ATTITUDES AND CURRENT PRACTICE OF END OF LIFE CARE IN STROKE PATIENTS: A QUESTIONNAIRE SERVICE EVALUATION.
End of life care is a major aspect in the management of acute stroke, presenting challenges for both medical and nursing staff. The aim of this service evaluation was to investigate staff experiences of end of life care in acute stroke setting at a teaching hospital in South West Wales.
The study involved the use of a questionnaire, composed of 16 close-ended questions using a likert-scale for the staff responses. Participants were asked to complete the questionnaire before and after ‘a tailored end of life care for stroke training session’. The data from the questionnaires were quantitatively analysed to identify staff attitudes, management practices, perceived barriers in end of life care and impact of targeted training.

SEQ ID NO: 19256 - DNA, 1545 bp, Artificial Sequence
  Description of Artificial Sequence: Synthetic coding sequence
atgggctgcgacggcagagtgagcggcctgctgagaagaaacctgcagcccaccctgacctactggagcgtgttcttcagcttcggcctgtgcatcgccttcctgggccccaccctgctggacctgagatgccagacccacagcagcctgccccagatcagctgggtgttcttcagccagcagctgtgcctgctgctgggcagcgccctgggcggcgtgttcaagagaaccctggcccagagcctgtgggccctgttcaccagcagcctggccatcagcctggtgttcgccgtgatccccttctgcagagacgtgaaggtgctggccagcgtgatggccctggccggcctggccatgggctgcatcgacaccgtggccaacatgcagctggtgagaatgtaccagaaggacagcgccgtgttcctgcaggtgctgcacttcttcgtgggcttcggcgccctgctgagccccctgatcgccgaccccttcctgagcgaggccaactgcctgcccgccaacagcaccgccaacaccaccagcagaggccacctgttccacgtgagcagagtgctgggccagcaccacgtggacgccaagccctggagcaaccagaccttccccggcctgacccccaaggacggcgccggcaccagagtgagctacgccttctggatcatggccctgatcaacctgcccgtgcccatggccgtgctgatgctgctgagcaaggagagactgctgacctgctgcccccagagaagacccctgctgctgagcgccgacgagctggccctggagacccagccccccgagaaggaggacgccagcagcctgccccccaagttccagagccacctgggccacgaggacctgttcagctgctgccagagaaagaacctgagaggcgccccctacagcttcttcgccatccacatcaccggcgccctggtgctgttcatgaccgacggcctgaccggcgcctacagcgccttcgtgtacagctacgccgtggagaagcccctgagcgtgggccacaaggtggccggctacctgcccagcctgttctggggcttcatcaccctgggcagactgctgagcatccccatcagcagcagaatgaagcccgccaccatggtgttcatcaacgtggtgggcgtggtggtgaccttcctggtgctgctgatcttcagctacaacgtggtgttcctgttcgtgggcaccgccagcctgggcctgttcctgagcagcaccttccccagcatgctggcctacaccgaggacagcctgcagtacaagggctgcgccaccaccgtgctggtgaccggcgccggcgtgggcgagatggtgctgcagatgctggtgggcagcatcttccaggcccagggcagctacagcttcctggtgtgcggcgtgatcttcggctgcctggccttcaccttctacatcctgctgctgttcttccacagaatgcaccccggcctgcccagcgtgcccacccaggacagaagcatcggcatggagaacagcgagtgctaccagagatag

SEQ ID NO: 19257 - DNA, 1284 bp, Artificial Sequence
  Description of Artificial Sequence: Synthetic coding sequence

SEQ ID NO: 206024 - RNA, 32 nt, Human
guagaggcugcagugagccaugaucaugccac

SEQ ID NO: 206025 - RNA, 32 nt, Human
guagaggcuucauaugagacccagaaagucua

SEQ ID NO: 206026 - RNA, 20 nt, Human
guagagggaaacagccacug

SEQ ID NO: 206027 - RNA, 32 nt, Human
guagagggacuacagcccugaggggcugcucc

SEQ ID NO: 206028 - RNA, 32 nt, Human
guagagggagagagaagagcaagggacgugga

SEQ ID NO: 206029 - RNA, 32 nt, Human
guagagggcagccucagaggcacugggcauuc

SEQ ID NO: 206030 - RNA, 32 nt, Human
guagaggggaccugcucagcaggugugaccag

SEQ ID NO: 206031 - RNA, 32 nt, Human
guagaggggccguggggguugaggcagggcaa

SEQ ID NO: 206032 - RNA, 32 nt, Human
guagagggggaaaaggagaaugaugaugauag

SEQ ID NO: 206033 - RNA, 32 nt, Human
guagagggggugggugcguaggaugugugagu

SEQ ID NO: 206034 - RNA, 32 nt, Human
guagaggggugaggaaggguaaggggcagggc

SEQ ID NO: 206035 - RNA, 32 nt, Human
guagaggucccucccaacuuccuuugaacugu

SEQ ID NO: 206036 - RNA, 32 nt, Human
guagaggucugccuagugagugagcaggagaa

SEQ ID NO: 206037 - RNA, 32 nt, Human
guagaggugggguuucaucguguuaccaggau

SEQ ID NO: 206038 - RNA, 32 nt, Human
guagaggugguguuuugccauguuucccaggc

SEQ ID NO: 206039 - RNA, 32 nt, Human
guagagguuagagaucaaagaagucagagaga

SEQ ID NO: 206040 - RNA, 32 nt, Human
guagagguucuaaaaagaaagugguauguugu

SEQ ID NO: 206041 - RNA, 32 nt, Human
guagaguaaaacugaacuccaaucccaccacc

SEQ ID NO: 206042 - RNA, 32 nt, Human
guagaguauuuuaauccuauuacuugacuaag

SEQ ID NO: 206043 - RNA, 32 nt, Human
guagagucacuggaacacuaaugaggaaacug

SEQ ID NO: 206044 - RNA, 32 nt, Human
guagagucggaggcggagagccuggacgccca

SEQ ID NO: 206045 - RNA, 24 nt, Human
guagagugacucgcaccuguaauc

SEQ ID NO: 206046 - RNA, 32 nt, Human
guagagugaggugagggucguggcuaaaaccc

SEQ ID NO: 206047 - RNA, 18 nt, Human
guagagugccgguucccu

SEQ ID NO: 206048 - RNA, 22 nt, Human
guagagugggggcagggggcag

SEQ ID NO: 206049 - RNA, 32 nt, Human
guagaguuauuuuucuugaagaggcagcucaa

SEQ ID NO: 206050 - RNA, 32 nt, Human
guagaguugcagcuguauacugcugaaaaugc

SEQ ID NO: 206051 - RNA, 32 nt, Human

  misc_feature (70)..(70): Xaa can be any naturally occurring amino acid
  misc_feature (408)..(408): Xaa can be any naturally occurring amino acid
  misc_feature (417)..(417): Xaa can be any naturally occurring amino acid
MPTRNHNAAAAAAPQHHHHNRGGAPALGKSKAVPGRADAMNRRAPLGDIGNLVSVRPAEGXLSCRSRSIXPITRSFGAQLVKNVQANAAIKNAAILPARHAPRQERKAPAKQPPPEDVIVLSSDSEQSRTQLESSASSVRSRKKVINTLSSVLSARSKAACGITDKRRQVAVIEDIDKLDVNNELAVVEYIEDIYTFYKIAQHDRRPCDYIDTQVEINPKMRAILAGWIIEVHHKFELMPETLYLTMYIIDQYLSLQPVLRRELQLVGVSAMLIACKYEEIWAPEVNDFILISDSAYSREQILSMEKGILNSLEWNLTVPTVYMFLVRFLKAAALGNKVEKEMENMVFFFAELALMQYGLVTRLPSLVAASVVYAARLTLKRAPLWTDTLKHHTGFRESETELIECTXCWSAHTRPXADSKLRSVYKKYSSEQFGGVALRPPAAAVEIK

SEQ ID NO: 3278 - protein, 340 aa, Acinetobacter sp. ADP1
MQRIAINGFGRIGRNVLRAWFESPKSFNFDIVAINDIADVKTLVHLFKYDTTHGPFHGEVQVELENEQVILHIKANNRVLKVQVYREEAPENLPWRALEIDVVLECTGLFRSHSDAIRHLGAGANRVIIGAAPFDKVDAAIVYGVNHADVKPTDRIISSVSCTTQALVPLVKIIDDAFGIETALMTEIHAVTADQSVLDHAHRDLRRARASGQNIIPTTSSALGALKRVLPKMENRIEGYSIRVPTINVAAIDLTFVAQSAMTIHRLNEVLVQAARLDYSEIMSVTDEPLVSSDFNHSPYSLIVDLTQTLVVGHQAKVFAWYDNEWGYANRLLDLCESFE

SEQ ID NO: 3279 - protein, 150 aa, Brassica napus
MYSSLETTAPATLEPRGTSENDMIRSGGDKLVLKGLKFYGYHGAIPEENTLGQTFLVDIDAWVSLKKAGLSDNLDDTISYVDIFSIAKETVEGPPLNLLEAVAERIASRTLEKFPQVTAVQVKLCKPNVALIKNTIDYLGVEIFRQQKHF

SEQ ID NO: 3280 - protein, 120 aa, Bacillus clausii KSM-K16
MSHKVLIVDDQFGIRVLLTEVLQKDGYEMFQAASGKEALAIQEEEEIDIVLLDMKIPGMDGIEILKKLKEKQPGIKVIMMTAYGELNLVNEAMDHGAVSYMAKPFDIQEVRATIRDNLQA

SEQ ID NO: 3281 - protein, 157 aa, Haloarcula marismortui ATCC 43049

The respondents included 16 doctors, 18 nurses, 20 healthcare support workers (HCSW) based on the stroke ward. The biggest differences observed in the staff responses were in their readiness to support families and in decisions around appropriate medication management and nutrition/hydration. Out of all staff groups, Nurses appeared to be more confident in these areas. In other domains such as satisfaction with basic training and confidence in delivering end of life care, little differences were observed between doctors, nurses and HCSW
The results of our study indicate that end of life care is not straightforward. The biggest impact of specific end of life training was observed in staff confidence in dealing with families and management of medication and nutrition during end of life care.